To get the free app, enter your mobile phone number.
Quiet Strength Paperback – February 1, 2000
Wiley Summer Savings Event.
Save up to 40% during Wiley's Summer Savings Event. Learn more.
Customers Who Bought This Item Also Bought
Top Customer Reviews
What is sad (as I have noted in my title) is the fact that Ms. Parks recently passed away at age 92, just 9 days before I worte this; her funeral was held today in Detroit. May she rest in peace.
Quiet Strength, to me, was more of a setting the record straight after having responded with silence to questions about her strength. And she made it clear, (as she probably has a million times to those who have listened) that her strength is from the Lord. For example, Parks stated, "I felt the Lord would give me the strength to endure whatever I had to face. God did away with all my fear. It was time for someone to stand up---or in my case, sit down. I refused to move. It is funny to me how people came to believe that the reason that I did not move from my seat was that my feet were tired. My feet were not tired, but I was tired--tired of unfair treatment."
Again, Parks, in her quiet strength way, provides correction when she said, "I was not the only person involved. I was just one of the many who fought for freedom."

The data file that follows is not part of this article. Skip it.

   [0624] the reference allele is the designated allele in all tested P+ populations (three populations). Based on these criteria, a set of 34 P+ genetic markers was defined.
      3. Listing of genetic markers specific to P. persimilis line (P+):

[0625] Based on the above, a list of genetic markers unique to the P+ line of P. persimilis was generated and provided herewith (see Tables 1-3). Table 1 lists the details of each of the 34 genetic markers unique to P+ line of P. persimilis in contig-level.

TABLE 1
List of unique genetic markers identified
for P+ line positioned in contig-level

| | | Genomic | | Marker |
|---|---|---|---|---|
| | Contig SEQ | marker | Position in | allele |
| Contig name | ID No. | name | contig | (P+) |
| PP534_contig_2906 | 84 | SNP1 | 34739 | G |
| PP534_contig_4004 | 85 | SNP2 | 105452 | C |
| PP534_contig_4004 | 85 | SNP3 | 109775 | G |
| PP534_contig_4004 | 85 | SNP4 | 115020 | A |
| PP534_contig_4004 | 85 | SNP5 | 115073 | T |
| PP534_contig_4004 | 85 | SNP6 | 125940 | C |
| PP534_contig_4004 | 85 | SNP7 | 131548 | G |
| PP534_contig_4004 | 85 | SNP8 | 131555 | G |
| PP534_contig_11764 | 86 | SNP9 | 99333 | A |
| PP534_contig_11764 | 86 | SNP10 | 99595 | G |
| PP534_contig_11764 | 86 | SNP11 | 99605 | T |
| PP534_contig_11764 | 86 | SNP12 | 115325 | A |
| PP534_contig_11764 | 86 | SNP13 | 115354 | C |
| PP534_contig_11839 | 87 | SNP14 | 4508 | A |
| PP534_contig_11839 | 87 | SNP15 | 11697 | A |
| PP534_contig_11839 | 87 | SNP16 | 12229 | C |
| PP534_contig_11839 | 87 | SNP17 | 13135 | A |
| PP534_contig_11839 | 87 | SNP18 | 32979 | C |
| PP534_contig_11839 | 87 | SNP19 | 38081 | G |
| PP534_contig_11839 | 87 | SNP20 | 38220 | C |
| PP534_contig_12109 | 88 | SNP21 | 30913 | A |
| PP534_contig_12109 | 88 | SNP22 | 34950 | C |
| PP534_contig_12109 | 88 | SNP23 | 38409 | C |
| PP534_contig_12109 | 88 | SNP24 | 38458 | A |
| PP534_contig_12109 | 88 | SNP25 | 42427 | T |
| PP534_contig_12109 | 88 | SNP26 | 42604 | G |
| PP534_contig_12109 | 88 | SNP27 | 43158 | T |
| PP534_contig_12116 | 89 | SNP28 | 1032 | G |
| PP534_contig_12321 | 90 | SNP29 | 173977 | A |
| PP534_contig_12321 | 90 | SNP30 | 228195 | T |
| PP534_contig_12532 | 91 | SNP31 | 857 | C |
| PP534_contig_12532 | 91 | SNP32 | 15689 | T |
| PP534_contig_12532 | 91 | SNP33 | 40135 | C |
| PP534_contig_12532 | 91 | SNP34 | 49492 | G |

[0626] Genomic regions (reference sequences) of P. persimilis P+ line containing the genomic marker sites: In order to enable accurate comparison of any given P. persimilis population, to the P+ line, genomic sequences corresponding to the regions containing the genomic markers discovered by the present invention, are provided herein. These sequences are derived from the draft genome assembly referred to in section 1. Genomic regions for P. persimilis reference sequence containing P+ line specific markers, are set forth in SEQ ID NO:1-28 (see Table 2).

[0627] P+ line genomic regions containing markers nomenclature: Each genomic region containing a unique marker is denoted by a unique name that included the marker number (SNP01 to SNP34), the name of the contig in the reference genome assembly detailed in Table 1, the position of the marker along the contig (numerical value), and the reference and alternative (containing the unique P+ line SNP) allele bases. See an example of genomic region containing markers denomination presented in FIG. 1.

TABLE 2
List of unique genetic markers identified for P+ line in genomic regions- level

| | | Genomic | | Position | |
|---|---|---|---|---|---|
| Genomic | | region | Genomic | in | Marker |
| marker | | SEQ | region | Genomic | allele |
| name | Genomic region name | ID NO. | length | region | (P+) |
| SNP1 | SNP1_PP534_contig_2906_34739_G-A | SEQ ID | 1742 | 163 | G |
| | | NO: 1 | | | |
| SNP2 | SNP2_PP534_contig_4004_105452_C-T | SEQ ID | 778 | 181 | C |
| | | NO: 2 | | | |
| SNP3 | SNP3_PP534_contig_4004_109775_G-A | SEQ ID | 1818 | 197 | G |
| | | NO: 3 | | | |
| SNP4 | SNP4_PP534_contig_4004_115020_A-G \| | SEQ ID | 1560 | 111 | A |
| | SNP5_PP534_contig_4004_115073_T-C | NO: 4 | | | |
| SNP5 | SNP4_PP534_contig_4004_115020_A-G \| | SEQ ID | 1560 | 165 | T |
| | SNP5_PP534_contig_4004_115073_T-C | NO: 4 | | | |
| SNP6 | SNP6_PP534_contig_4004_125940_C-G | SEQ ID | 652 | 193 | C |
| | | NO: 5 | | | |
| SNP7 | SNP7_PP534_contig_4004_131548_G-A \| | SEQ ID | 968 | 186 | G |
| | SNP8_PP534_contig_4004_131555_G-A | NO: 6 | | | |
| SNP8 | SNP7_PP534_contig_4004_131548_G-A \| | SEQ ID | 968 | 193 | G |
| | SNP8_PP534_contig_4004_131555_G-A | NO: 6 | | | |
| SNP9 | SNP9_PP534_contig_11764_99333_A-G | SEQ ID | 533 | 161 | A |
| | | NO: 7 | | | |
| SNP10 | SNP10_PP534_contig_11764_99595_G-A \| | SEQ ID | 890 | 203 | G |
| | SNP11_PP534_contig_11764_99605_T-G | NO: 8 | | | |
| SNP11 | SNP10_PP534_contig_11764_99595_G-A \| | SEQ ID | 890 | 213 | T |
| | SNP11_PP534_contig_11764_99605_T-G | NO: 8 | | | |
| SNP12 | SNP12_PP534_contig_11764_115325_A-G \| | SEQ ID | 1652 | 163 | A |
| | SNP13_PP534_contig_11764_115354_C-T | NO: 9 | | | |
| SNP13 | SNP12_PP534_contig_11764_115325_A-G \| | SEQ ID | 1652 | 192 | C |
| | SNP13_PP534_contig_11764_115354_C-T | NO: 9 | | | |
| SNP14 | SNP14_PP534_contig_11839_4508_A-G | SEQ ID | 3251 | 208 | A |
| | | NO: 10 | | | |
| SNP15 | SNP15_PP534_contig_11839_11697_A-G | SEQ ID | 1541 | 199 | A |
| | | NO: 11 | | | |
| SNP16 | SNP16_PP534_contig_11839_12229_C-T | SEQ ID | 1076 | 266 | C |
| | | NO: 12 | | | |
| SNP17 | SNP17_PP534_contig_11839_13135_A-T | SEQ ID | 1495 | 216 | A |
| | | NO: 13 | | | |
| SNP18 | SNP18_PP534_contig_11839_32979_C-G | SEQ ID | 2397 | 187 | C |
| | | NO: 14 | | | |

Quiet Strength---in a world of vociferous boasting----is a position/posture/idea worthy of a seat and a spell.
Here are some quotations from the book:
"When I sat down on the bus the day I was arrested, I was thinking of going home. I had made up my mind quickly about what it was that I had to do. I did not think of being physically tired or fearful... All I felt was tired. Tired of being pushed around. Tired of seeing the bad treatment and disrespect of children, women, and men just because of the color of their skin. Tired of Jim Crow laws. Tired of being oppressed. I was just plain tired." (Pg. 17)
"I did not get on the bus to get arrested; I got on the bus to get home. Getting arrested was one of the worst days in my life. It was not a happy experience." (Pg. 23)
"There were other people on the bus whom I knew. But when I was arrested, not one of them came to my defense. I felt very much alone. One man who knew my husband did not even go to my house to tell my husband that I had been arrested." (Pg. 24)
"It is funny to me how people came to believe that the reason I did not move from my seat was that my feet were tired. I did not hear this until I moved to Detroit in 1957." (Pg. 25)
"The church was and is the foundation of our community." (Pg. 31)
Concerning the 1994 robbery of her by a young black man, "I pray for this young man and the conditions in our country that have made him this way. I urge people not to read too much into the attack.Read more ›
Most Recent Customer Reviews
A positive short read on Rosa Parks. A quiet inspiration who fought the inequalities of life with just quiet strength and the hope for peaceful change.Published 11 months ago by suzyq
The book was far smaller than I thought it would be, but I did like what I read. I wished it was a little longer.Published on February 8, 2013 by Kathleen Magrew